Yiyun Li's 'Kinder Than Solitude' Is More Than a Page-Turning Mystery

By Verongos, Helen T | St Louis Post-Dispatch (MO), May 25, 2014 | Go to article overview

Yiyun Li's 'Kinder Than Solitude' Is More Than a Page-Turning Mystery


Verongos, Helen T, St Louis Post-Dispatch (MO)


The past is present in every moment of Yiyun Li's poignant novel of three teenagers who grew up in the shadow of the Tiananmen Square massacre of 1989.

Boyang and Moran, a boy and a girl, are best friends, traveling the back alleys of Beijing, covering miles every day by bike and collecting favorite places and memories. Boyang has been largely in the care of his grandmother since his high-achieving parents decided to focus on his sister, the genius.

Moran depends on her relationship with Boyang and their familiar surroundings. Her energy goes into preserving the status quo, which is disrupted by the newcomer Ruyu, an impervious, stoical girl. Two elderly Chinese Christian women found her as an infant on their doorstep in Shanghai and brought her up in a sterile environment where the only passion was for Jesus.

To get a clear vision of this triangle we must consider another character who is a ghost for most of the book but a catalyst for almost everything. That is Shaoai, a fiery and furious college revolutionary a few years older than the others, who, as the book opens, has just died after decades in a near-vegetative state.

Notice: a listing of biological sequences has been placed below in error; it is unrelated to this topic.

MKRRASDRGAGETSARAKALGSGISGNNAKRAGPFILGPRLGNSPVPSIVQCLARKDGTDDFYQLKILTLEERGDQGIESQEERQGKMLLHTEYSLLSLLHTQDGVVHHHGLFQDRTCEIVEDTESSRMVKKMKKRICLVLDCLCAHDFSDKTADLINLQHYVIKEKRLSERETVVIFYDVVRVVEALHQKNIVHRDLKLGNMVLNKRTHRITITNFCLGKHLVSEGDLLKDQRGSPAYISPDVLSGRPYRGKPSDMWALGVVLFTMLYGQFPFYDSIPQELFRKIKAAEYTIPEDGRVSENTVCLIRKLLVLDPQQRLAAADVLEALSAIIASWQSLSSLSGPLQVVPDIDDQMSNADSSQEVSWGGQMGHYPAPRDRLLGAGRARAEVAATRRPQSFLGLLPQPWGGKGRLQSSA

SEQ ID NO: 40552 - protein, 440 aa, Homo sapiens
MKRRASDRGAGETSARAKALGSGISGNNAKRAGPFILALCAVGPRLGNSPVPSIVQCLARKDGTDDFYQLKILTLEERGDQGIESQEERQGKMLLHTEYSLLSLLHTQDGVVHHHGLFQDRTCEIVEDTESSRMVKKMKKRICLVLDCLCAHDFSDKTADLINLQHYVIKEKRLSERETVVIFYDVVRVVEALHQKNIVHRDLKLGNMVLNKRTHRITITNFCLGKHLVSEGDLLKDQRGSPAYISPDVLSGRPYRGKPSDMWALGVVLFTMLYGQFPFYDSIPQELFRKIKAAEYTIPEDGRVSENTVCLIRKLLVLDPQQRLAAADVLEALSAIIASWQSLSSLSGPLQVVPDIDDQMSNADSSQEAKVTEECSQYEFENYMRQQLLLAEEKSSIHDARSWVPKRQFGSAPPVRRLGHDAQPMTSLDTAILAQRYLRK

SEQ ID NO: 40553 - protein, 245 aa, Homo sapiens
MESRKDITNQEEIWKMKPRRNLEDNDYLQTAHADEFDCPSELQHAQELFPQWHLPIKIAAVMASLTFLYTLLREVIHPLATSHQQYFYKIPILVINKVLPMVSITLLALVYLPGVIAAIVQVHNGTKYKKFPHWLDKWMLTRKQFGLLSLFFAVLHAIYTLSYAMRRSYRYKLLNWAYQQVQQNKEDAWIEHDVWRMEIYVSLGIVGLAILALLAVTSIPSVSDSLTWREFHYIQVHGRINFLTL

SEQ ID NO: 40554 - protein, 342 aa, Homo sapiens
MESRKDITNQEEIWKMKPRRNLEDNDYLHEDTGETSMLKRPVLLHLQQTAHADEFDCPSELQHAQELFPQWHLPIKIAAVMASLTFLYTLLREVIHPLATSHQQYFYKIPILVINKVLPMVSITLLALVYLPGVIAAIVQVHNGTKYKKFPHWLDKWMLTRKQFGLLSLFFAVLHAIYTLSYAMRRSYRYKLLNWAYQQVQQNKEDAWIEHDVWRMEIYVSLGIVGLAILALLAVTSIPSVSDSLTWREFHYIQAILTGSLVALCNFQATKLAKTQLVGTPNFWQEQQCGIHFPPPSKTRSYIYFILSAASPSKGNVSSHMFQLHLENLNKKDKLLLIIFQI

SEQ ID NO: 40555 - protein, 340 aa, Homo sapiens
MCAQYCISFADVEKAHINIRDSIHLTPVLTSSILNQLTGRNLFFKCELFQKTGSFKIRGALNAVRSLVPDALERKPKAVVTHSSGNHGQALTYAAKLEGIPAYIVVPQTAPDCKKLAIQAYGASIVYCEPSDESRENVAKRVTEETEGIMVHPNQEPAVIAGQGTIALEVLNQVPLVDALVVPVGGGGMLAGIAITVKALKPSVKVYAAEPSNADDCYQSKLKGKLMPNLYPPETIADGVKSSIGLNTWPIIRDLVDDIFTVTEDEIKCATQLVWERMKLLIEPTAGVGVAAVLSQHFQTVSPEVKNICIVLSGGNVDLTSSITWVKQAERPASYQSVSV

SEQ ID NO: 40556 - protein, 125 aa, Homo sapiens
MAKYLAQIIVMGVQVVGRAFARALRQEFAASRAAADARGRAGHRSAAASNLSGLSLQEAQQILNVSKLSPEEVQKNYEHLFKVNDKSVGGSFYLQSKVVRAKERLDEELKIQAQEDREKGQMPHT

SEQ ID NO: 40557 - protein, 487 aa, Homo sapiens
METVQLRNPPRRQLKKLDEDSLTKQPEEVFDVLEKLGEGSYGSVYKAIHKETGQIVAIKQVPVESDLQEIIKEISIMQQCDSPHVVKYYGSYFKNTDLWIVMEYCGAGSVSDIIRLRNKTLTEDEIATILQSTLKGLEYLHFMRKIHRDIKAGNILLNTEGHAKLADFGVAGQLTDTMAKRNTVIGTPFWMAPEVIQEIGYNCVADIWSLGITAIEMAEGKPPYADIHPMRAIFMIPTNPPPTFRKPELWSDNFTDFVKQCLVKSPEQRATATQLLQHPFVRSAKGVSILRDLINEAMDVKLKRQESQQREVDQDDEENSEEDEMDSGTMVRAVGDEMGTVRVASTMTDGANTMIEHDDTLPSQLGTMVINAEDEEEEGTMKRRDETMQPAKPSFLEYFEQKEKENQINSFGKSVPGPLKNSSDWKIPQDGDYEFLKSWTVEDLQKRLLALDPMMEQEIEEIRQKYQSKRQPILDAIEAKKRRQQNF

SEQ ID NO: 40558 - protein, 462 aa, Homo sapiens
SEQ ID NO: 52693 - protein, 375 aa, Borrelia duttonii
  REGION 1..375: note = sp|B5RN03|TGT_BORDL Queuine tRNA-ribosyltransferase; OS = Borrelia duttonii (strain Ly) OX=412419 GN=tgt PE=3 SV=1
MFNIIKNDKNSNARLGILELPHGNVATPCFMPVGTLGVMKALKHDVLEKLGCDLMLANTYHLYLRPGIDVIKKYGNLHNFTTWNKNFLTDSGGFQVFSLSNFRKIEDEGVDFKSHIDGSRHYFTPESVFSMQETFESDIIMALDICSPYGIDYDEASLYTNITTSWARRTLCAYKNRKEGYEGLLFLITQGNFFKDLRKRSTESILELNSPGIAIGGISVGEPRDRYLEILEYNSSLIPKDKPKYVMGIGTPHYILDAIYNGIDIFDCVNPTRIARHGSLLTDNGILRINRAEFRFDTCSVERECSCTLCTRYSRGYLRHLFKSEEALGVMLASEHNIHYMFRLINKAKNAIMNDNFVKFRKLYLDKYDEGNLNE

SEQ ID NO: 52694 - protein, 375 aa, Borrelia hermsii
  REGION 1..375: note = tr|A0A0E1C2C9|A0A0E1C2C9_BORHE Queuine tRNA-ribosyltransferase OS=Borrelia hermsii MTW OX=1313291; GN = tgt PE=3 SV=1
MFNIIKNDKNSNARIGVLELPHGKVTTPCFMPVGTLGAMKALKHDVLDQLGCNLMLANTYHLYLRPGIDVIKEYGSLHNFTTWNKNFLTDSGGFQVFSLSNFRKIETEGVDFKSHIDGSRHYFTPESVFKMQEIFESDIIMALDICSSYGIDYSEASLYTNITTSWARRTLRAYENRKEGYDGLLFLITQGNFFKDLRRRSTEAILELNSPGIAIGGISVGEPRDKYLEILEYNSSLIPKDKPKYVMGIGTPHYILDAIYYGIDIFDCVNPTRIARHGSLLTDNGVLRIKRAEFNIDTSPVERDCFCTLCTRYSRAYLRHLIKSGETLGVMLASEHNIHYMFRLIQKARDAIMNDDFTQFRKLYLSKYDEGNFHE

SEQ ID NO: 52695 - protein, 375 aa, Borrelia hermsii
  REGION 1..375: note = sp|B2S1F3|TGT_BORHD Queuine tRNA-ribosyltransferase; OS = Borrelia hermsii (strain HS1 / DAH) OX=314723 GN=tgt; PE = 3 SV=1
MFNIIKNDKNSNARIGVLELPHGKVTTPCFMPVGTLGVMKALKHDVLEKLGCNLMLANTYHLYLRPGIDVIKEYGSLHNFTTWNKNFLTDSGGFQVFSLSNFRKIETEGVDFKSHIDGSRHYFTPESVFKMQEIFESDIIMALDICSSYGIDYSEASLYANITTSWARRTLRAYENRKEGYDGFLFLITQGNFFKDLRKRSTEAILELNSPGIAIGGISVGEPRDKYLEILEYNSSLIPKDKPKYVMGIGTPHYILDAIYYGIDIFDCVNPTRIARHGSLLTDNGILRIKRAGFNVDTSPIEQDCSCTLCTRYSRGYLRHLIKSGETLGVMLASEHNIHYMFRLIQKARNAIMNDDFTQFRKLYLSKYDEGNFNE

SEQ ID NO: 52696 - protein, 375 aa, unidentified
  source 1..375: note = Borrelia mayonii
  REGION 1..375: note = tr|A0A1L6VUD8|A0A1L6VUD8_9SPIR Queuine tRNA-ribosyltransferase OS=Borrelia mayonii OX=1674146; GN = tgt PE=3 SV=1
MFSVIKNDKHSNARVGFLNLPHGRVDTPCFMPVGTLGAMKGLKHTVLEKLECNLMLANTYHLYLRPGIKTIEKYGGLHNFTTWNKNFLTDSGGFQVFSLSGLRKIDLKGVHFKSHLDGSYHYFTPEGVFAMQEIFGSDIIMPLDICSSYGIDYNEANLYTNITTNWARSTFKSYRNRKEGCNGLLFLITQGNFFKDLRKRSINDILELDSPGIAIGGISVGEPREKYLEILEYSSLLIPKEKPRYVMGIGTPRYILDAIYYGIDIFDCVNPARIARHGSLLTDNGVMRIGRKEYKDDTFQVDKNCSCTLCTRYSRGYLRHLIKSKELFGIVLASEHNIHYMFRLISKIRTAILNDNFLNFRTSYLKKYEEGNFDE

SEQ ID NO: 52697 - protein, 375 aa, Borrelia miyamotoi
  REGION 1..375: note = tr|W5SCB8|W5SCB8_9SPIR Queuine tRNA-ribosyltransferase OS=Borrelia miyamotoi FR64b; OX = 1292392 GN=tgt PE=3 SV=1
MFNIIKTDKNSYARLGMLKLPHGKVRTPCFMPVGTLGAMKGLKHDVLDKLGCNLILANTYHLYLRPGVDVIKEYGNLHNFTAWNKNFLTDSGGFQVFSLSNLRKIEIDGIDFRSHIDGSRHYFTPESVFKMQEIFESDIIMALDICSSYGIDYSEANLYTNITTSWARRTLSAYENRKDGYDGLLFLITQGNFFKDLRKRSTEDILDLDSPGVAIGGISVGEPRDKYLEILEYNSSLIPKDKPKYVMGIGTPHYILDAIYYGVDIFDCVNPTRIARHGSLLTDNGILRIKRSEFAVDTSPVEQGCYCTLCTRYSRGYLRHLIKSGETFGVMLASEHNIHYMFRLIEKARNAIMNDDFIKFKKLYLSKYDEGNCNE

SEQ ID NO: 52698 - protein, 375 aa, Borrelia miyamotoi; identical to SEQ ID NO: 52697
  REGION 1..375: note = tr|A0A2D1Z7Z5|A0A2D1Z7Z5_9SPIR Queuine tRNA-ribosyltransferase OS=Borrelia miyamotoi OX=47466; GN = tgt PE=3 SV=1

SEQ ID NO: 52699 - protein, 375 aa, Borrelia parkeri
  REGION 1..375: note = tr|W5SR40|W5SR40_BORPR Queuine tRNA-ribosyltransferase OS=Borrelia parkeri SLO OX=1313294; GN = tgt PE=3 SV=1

Her condition stems from a chilling event that cemented the identities of all the characters. That moment comes disguised as a treat Tang, drink of the astronauts, the elixir from America with the Day-Glo color and mouth-puckering taste and the dose of poison that Shaoai tosses down with it.

Though the government tanks never came close to the three teenagers, all three were marked indelibly by Shaoai, and they all felt the elastic snap of China's backlash against its citizens.

Ruyu and Moran both fled to the United States, exporting their pain and scars. …

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